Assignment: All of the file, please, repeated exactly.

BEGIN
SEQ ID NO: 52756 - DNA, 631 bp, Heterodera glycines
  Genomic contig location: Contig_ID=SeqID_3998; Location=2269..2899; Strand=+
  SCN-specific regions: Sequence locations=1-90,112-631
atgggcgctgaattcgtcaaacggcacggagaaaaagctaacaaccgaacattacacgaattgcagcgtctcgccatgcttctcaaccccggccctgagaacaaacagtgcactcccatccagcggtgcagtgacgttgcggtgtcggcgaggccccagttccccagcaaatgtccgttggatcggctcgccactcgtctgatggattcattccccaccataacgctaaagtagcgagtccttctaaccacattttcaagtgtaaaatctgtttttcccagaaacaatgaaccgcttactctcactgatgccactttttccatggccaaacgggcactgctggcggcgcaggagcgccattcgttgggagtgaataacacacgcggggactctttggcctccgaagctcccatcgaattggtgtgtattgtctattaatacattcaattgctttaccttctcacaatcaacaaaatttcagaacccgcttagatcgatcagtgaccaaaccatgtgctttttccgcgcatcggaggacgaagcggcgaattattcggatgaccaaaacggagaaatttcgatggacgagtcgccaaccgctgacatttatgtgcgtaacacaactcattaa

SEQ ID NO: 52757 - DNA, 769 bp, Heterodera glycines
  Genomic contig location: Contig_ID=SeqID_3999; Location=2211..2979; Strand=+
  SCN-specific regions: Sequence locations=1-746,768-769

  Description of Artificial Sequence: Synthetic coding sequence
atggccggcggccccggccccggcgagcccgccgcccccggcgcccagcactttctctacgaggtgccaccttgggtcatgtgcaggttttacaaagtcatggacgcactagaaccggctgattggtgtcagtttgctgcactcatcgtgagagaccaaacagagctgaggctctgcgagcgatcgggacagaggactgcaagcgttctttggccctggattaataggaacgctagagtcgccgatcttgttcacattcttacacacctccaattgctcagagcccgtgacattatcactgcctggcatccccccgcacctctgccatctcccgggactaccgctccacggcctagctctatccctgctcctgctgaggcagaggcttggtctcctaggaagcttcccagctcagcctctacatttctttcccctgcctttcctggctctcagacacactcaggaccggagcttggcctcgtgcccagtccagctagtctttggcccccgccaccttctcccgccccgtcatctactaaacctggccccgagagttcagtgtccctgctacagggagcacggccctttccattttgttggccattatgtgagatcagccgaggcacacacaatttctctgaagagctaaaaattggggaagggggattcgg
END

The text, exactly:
SEQ ID NO: 52756 - DNA, 631 bp, Heterodera glycines
  Genomic contig location: Contig_ID=SeqID_3998; Location=2269..2899; Strand=+
  SCN-specific regions: Sequence locations=1-90,112-631
atgggcgctgaattcgtcaaacggcacggagaaaaagctaacaaccgaacattacacgaattgcagcgtctcgccatgcttctcaaccccggccctgagaacaaacagtgcactcccatccagcggtgcagtgacgttgcggtgtcggcgaggccccagttccccagcaaatgtccgttggatcggctcgccactcgtctgatggattcattccccaccataacgctaaagtagcgagtccttctaaccacattttcaagtgtaaaatctgtttttcccagaaacaatgaaccgcttactctcactgatgccactttttccatggccaaacgggcactgctggcggcgcaggagcgccattcgttgggagtgaataacacacgcggggactctttggcctccgaagctcccatcgaattggtgtgtattgtctattaatacattcaattgctttaccttctcacaatcaacaaaatttcagaacccgcttagatcgatcagtgaccaaaccatgtgctttttccgcgcatcggaggacgaagcggcgaattattcggatgaccaaaacggagaaatttcgatggacgagtcgccaaccgctgacatttatgtgcgtaacacaactcattaa

SEQ ID NO: 52757 - DNA, 769 bp, Heterodera glycines
  Genomic contig location: Contig_ID=SeqID_3999; Location=2211..2979; Strand=+
  SCN-specific regions: Sequence locations=1-746,768-769

  Description of Artificial Sequence: Synthetic coding sequence
atggccggcggccccggccccggcgagcccgccgcccccggcgcccagcactttctctacgaggtgccaccttgggtcatgtgcaggttttacaaagtcatggacgcactagaaccggctgattggtgtcagtttgctgcactcatcgtgagagaccaaacagagctgaggctctgcgagcgatcgggacagaggactgcaagcgttctttggccctggattaataggaacgctagagtcgccgatcttgttcacattcttacacacctccaattgctcagagcccgtgacattatcactgcctggcatccccccgcacctctgccatctcccgggactaccgctccacggcctagctctatccctgctcctgctgaggcagaggcttggtctcctaggaagcttcccagctcagcctctacatttctttcccctgcctttcctggctctcagacacactcaggaccggagcttggcctcgtgcccagtccagctagtctttggcccccgccaccttctcccgccccgtcatctactaaacctggccccgagagttcagtgtccctgctacagggagcacggccctttccattttgttggccattatgtgagatcagccgaggcacacacaatttctctgaagagctaaaaattggggaagggggattcgg